Oh well, never mind the government. What about my studio? I can't give you a final result yet: at this rate it may take more than 17 days to work it all out! But here are the first pictures:

Lots of stuff stacked outside...

Lots of lovely space inside! Although sadly it isn't going to remain calm and peaceful inside for long. I'll let you know how I get on in due course, but I'm having a bit of a break from it for the next few days until the excitement (I mean damned hard work) of the school's Spring Fair on Sunday is out of the way.


Fiona said...

I know what you mean - when you're used to a ballot paper with maybe 10 names on (and in Yorkshire it was generally only about 4) and all you were required to do was put a very child-like 'X' in one box ... the way other countries do it can be daunting.

Our first German election was fascinating (yes, we could vote there!) and I'm not sure I ever got to grips with the enormous ballot paper or voting rules (there were pages of them!). In Germany coalition governments are the norm and it isn't unusual for it to take a long time (sometimes months) to sort out the final government .. and of course, the UK is just getting a taste of what a hung parliament is like.

I'm not sure whether the UK approach is simple and a good thing or primitive in the extreme ... most other countries seem to have felt the need to evolve much more complex systems. I've seen coalitions achieve absolutely nothing because no-one has balance of power and then there was good old Tony and his overwhelming majority that allowed him to war-monger with the US without much that the opposition could do about it.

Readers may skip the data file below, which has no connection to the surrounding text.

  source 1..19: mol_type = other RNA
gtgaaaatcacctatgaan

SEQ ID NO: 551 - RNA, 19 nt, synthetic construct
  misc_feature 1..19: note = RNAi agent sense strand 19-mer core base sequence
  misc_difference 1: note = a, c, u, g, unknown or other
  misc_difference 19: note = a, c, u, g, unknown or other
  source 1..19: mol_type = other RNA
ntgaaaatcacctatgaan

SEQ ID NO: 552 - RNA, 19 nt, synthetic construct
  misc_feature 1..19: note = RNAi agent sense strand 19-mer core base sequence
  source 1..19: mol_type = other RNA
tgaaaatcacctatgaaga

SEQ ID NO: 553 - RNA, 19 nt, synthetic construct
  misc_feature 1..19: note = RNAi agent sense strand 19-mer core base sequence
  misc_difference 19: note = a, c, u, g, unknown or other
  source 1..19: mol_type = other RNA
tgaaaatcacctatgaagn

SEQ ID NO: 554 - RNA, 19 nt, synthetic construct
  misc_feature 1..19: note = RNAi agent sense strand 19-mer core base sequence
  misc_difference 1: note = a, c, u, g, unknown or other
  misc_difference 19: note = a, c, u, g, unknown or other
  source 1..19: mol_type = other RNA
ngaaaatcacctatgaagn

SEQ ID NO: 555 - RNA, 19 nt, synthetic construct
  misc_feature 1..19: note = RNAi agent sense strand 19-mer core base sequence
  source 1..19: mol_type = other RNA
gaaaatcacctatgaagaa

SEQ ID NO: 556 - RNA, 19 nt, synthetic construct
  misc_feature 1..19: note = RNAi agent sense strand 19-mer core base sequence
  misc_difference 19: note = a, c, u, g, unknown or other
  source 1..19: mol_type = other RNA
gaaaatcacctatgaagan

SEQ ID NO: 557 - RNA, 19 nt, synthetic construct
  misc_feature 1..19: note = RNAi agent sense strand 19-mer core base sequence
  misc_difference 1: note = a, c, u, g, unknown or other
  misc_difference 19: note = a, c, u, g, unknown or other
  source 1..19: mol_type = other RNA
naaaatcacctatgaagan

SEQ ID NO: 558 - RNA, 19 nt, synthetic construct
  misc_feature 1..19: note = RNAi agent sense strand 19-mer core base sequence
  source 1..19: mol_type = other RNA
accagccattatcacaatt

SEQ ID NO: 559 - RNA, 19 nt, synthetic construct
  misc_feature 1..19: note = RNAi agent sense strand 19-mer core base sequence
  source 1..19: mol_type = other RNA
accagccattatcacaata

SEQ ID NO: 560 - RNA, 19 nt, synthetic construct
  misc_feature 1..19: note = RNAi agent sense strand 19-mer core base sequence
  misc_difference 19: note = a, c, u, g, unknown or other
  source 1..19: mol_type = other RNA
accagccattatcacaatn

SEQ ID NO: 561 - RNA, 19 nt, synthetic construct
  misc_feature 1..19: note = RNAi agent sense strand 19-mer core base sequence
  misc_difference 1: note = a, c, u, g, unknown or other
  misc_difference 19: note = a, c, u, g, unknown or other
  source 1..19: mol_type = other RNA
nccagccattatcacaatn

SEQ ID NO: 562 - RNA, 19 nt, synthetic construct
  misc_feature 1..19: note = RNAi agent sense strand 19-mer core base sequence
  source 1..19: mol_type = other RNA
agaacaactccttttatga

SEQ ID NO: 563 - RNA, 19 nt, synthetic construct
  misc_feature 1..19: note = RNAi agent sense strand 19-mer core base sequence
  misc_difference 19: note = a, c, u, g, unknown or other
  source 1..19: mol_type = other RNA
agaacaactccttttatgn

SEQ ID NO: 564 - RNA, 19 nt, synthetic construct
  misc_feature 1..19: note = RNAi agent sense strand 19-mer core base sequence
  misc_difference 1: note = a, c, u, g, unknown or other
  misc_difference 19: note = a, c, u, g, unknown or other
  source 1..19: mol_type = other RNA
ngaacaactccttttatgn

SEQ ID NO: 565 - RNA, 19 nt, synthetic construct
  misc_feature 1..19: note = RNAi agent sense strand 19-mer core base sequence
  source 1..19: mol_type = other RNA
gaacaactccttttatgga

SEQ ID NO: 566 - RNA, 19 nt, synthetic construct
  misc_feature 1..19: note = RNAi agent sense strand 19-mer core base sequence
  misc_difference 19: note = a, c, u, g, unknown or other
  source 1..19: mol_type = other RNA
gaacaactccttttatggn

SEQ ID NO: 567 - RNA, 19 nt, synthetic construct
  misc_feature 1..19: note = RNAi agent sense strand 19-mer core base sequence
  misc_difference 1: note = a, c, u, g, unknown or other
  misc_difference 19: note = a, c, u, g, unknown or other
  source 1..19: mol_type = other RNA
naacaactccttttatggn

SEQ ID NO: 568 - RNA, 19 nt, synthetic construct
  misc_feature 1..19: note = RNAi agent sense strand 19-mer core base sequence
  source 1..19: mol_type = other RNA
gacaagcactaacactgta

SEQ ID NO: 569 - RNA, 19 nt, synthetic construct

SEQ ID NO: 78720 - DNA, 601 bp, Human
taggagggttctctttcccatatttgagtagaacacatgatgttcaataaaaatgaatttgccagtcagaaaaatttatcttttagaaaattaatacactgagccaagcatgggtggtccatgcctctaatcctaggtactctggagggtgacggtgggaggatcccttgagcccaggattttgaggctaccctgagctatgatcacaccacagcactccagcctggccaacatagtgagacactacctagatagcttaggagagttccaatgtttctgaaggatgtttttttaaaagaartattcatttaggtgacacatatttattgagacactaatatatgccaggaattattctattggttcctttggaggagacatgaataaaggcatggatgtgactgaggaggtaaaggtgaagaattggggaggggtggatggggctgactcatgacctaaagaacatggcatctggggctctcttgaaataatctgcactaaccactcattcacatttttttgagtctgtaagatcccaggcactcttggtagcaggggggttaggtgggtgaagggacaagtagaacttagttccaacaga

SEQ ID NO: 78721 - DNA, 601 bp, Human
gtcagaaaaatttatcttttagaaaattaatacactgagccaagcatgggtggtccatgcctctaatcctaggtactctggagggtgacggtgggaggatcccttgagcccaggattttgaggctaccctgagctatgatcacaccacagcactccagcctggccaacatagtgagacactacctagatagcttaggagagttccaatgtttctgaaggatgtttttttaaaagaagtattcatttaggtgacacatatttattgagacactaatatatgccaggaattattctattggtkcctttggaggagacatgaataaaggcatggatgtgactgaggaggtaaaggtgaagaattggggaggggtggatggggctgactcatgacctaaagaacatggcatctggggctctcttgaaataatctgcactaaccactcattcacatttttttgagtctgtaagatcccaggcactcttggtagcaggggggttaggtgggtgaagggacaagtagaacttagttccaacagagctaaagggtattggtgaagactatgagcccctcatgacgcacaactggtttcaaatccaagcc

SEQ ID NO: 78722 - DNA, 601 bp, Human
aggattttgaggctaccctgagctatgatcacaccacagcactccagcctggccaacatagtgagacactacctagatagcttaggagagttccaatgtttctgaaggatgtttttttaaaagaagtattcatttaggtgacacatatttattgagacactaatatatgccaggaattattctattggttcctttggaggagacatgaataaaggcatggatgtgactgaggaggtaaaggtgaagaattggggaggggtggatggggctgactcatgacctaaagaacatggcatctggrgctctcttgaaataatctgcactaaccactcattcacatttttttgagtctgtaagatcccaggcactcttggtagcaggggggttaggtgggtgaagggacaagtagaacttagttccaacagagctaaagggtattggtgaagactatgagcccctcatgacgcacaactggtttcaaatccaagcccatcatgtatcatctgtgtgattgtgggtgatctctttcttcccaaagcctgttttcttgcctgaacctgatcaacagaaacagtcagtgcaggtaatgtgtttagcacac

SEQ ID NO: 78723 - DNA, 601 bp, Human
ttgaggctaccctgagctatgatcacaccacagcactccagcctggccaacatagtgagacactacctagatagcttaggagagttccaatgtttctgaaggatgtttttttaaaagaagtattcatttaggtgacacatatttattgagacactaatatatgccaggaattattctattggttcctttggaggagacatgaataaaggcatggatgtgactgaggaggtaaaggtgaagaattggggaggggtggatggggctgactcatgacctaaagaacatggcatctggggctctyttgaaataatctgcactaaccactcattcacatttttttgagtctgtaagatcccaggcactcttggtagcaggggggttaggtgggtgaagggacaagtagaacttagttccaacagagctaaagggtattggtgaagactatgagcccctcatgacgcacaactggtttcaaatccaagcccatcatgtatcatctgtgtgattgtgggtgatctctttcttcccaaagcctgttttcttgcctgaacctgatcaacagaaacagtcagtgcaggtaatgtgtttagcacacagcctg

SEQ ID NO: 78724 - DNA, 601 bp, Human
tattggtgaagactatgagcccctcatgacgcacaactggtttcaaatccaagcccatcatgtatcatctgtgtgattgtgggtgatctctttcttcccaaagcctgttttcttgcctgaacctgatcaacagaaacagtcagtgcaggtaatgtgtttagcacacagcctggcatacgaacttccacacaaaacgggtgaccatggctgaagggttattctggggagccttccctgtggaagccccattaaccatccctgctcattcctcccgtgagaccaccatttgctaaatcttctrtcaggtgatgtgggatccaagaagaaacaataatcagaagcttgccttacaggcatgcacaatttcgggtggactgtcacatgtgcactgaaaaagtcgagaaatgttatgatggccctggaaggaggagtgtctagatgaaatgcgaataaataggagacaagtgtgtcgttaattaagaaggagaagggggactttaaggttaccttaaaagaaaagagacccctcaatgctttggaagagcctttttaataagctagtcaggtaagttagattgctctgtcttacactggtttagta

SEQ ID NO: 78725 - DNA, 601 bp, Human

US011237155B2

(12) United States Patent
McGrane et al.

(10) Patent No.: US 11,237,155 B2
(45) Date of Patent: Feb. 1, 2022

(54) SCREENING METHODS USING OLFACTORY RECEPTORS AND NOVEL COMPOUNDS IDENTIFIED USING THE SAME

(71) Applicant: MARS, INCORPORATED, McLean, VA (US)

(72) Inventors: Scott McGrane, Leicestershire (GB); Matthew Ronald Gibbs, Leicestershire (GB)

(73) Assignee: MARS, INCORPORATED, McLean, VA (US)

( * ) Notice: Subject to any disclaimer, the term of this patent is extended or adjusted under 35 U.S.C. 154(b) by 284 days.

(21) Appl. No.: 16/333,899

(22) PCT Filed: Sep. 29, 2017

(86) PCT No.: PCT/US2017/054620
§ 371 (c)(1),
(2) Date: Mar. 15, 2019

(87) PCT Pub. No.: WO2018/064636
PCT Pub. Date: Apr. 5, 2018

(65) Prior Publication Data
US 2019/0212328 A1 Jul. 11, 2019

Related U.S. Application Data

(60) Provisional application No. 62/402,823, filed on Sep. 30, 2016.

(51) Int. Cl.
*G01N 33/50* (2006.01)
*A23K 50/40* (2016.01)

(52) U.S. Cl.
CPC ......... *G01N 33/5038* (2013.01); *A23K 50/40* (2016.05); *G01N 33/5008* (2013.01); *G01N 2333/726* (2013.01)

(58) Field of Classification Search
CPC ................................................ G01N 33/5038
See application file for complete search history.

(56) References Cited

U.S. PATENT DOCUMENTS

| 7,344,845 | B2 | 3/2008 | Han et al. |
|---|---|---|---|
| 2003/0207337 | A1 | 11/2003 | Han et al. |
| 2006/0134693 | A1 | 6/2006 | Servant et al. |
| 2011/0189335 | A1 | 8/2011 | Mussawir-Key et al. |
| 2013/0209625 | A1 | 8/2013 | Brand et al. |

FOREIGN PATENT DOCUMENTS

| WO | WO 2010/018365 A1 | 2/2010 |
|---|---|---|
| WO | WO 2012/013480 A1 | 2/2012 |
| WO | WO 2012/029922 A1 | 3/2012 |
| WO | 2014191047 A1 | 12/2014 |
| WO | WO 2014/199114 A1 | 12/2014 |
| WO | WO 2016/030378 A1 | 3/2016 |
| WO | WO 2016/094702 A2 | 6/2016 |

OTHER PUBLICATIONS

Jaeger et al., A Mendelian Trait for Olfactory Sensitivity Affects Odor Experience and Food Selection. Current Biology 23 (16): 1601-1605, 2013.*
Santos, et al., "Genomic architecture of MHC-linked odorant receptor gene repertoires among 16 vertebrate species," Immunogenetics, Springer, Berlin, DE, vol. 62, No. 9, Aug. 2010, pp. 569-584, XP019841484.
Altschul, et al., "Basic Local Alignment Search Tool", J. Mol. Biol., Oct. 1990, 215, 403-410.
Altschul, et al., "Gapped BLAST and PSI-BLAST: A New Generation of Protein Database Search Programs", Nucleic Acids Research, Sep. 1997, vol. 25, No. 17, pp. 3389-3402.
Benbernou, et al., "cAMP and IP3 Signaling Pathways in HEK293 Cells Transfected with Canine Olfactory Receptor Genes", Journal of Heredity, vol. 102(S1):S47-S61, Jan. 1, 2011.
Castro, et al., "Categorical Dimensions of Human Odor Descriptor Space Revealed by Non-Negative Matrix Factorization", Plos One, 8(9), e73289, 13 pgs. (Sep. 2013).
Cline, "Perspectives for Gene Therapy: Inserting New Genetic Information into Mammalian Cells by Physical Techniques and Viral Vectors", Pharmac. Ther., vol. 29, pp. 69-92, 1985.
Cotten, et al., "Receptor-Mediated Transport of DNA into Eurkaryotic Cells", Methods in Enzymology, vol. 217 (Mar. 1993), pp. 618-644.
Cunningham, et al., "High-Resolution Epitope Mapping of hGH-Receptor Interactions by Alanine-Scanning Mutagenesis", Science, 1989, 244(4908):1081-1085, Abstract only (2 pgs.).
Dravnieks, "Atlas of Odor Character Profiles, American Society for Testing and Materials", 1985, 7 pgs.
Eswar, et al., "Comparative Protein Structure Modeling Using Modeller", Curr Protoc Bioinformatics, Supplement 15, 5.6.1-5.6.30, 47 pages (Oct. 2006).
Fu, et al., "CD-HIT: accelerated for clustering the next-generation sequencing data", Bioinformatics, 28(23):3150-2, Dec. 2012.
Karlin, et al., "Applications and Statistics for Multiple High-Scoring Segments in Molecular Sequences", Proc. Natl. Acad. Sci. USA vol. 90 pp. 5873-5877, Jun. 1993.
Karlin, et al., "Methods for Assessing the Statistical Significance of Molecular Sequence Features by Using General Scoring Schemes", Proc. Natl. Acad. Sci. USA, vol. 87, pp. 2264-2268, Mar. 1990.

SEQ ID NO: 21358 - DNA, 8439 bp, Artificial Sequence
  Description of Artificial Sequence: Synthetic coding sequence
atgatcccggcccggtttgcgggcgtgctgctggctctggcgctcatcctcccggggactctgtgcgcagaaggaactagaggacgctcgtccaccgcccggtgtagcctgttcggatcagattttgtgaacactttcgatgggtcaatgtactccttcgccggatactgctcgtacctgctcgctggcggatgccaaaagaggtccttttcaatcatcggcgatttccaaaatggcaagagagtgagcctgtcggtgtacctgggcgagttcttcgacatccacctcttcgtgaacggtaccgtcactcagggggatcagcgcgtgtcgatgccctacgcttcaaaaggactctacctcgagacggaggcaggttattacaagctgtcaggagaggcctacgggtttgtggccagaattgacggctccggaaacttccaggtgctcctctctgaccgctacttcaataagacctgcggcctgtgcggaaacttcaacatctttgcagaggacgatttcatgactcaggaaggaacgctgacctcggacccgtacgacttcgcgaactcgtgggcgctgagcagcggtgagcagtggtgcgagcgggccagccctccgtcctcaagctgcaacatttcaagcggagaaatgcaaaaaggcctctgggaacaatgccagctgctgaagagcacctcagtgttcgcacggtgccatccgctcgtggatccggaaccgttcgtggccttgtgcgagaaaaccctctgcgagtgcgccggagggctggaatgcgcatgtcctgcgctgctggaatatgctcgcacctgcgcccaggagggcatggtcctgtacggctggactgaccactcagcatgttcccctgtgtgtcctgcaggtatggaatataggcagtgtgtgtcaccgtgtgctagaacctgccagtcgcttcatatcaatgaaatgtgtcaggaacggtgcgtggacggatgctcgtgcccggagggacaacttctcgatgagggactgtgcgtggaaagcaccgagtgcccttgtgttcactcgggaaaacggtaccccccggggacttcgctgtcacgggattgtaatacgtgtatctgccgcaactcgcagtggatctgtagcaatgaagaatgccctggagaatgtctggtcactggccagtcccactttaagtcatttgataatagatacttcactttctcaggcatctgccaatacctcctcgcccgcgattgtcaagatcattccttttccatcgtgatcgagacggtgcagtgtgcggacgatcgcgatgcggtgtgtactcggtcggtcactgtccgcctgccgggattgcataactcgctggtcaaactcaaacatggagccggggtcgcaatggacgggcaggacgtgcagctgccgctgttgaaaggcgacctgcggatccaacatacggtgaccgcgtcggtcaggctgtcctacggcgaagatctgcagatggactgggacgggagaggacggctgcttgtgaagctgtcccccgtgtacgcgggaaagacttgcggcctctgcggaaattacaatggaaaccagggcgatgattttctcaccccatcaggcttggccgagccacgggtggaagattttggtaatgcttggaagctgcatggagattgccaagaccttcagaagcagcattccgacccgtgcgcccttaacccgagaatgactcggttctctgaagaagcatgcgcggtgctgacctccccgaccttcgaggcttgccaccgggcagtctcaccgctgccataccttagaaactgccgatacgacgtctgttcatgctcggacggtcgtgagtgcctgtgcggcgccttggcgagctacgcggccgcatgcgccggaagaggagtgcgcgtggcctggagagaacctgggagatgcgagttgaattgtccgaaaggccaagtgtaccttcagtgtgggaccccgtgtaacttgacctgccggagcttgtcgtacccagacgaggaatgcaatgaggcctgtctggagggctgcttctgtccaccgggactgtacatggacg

Politics - gotta love it! But I agree ... voting is something we in the western world take for granted. It's appalling to see low voter turnouts and I'm all for making it compulsory.

Carol said...

Oh, your studio space! I know you'll fill it up but what a wonderful area to work in, and the views...

Well, we have a government, the event nicely described by you. I celebrated a bit too much, out of relief that it wasn't Tony rather than joy for Labor. But I am pleased and I hope it will be the start of a different kind of government. Fingers crossed for Julia.

Snippety Gibbet said...

Above the line and below the line. I think I like that idea! I feel so hemmed in with so few choices here. jan

Anonymous said...

Odd, isn't it, that immigrants are asked things like 'who was Don Bradman ?'
No politician, canvassing for votes, ever explained the voting system to me!

Ida said...

what a lovely studio..can't wait to see what comes out of it....as for voting....doesn't really matter at the moment does it...tony/julia/...julia/tony...
hopefully the greens can do something in the senate...
just enjoy making things in your nice new space!!